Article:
THE DARK STAR FROM HARLEM is a non-traditional musical about nineteen year old Josephine Baker, arriving in Paris for the first time. It was 1925 and the art forms of Avant Garde ruled the day. There was Dada, Surrealism, Art Deco and then African. Writers and poets? They utilized free association. Meanwhile, Josephine Baker and La Revue Negre brought along some modern art of their own. A brand new style of music called jazz! Of course, these cats utilized improvisation. Parisians were also introduced to an exciting new dance called the Charleston. Basic structure with free flowing movement.

This cultural exchange was exactly what Paris needed after World War I, which ended in 1918. Freedom was in the air and Africa was everywhere. Masks and sculptures were as popular as any painting by Pablo Picasso. Modern artists were deeply influenced by African expressions. They were also instrumental in creating the word, Negrophilia. Which literally translates to, love of the Negro. This era was known as Les Annes Folles. The crazy years. It was France’s version of the Roaring 20’s and the Harlem Renaissance.

Josephine Baker exploded in the middle of this perfect cultural storm. She ignited the imagination of the French while dancing in a skirt made of bananas. In Dance Sauvage, a duet with Joe Alex, she wore nothing but a pink flamingo feather between her legs. Josephine became the embodiment of living and breathing African art. A Parisian’s African dream. Josephine was Africa. “Primitive” elegance was something fresh and new, so big enthusiastic crowds paid to see her again and again.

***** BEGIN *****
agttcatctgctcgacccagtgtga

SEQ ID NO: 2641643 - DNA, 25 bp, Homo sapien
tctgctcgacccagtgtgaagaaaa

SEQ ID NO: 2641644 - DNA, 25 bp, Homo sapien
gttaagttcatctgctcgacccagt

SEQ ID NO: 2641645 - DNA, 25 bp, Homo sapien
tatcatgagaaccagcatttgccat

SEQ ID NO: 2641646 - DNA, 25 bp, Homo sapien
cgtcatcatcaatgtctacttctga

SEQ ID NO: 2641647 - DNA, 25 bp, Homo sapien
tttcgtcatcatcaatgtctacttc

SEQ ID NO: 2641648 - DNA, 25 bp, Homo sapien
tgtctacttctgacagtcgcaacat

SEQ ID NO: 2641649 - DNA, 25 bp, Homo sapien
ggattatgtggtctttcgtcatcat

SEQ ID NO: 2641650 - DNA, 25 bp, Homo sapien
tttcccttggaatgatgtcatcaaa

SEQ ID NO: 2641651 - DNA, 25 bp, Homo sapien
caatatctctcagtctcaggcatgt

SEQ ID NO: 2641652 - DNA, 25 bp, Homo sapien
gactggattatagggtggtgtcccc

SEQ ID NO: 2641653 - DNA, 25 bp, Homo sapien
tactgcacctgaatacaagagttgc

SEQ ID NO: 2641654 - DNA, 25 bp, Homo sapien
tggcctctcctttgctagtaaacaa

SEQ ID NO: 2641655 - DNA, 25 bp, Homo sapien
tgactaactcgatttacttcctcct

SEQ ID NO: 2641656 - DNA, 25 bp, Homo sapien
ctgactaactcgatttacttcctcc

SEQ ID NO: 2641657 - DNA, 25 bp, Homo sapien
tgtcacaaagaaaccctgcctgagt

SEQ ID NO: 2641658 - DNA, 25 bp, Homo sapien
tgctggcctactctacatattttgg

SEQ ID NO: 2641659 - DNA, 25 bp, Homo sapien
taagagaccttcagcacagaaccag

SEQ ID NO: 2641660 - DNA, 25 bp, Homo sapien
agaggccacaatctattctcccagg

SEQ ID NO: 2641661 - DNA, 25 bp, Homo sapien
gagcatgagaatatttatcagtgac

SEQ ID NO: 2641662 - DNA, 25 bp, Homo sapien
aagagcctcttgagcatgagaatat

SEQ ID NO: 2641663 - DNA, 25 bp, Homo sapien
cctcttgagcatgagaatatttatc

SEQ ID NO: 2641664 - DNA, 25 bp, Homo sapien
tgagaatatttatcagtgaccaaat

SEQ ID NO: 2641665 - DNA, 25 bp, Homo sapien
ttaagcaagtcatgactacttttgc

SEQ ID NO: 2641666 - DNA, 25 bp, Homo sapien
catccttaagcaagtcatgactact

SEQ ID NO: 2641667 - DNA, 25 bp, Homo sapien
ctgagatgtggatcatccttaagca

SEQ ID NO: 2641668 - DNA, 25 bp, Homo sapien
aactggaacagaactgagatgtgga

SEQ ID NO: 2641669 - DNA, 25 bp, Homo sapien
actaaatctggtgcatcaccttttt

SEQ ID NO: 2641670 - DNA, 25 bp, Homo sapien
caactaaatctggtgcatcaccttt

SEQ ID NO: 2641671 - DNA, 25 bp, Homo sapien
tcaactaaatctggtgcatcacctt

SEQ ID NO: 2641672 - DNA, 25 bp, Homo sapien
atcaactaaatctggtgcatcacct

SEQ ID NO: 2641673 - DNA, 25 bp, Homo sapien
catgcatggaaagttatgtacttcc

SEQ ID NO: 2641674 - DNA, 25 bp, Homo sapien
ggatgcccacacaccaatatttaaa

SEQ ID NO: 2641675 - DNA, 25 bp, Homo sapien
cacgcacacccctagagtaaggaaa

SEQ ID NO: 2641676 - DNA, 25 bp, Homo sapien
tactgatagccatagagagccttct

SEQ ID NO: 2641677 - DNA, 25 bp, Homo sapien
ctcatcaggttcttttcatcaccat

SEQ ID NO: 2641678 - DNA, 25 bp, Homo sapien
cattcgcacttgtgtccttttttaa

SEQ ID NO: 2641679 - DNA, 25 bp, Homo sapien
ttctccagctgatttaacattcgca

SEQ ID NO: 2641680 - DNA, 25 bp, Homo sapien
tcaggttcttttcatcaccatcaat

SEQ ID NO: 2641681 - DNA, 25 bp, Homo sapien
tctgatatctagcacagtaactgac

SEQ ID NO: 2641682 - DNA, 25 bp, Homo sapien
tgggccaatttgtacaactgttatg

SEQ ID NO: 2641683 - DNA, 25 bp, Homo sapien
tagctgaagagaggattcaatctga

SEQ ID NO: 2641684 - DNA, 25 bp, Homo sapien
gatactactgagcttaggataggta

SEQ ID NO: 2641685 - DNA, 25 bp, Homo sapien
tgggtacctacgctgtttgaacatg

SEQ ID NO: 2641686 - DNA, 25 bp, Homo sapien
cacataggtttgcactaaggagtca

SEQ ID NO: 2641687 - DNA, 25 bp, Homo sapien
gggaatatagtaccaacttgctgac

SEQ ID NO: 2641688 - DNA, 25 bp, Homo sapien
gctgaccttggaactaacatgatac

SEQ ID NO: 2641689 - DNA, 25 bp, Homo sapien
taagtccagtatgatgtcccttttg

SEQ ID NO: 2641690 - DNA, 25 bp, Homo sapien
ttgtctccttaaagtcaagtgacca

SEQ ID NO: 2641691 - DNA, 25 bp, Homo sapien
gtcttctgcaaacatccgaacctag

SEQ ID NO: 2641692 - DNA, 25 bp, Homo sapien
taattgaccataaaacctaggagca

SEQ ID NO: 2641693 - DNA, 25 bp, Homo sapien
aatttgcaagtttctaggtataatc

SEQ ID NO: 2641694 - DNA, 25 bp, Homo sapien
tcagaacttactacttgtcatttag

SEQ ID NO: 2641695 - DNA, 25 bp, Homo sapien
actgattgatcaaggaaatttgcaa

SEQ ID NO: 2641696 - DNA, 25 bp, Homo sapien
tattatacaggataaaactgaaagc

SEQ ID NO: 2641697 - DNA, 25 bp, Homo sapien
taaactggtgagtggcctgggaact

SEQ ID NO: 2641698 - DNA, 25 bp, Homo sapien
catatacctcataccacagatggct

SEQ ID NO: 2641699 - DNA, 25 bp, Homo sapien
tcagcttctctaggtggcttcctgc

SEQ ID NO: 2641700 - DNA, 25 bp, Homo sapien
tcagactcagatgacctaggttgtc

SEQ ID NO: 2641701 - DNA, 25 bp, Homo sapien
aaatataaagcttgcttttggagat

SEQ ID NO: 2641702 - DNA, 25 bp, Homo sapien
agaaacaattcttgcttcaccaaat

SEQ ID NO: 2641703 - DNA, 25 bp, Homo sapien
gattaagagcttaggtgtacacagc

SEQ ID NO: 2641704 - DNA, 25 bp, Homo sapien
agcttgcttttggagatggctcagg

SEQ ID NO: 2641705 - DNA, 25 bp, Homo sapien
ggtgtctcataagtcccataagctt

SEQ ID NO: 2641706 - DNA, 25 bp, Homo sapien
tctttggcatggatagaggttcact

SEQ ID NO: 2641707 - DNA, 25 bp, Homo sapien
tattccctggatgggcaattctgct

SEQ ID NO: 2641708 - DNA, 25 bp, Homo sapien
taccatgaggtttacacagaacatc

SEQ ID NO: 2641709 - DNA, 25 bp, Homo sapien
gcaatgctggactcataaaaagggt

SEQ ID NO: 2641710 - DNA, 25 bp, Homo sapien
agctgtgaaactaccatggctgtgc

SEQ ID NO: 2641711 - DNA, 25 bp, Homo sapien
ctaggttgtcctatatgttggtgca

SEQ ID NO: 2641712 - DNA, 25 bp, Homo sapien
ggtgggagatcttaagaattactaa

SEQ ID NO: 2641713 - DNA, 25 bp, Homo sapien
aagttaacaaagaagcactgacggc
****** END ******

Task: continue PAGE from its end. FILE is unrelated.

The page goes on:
The stylized arc of this story follows a goofy teenage chorus-girl who becomes a huge star, literally, overnight. A glamorous international star in only a couple years. While on a journey toward self-acceptance, Josephine is haunted by memories of racial violence back home. Shame and pain in USA. Then during a sold out engagement in Berlin, she encounters the insults of a young Adolph Hitler. Josephine’s personal life also suffers when she discovers how difficult it is to find love, while being a sexual fantasy. So she throws herself into her work and becomes the most photographed woman in the world. And a committed humanitarian.

The laughs in this show are plentiful as the script pays homage to vaudevillian traditions of the 1920’s. There are jokes, gags and irreverence. The Ensemble is comprised of the Harlem Chorus (who bring the attitude), the MC (French Narrator) and the European Chorus, (who portray French and German characters.) The show ends with a big, spectacular music hall performance as Josephine Baker ultimately decides to live in Paris as an Expatriate.

THE DARK STAR FROM HARLEM is full of great music, both standards, and original compositions. The show is part narrative, part review, part Dixieland Jazz concert. There are, also, several high-energy dance numbers that swing. The story is poignant but the show is simply happy visual candy. With lots of heart and soul.

Oh, and the costumes dazzle!!

LOGLINE: Ya gotta be ready when time shines your light.
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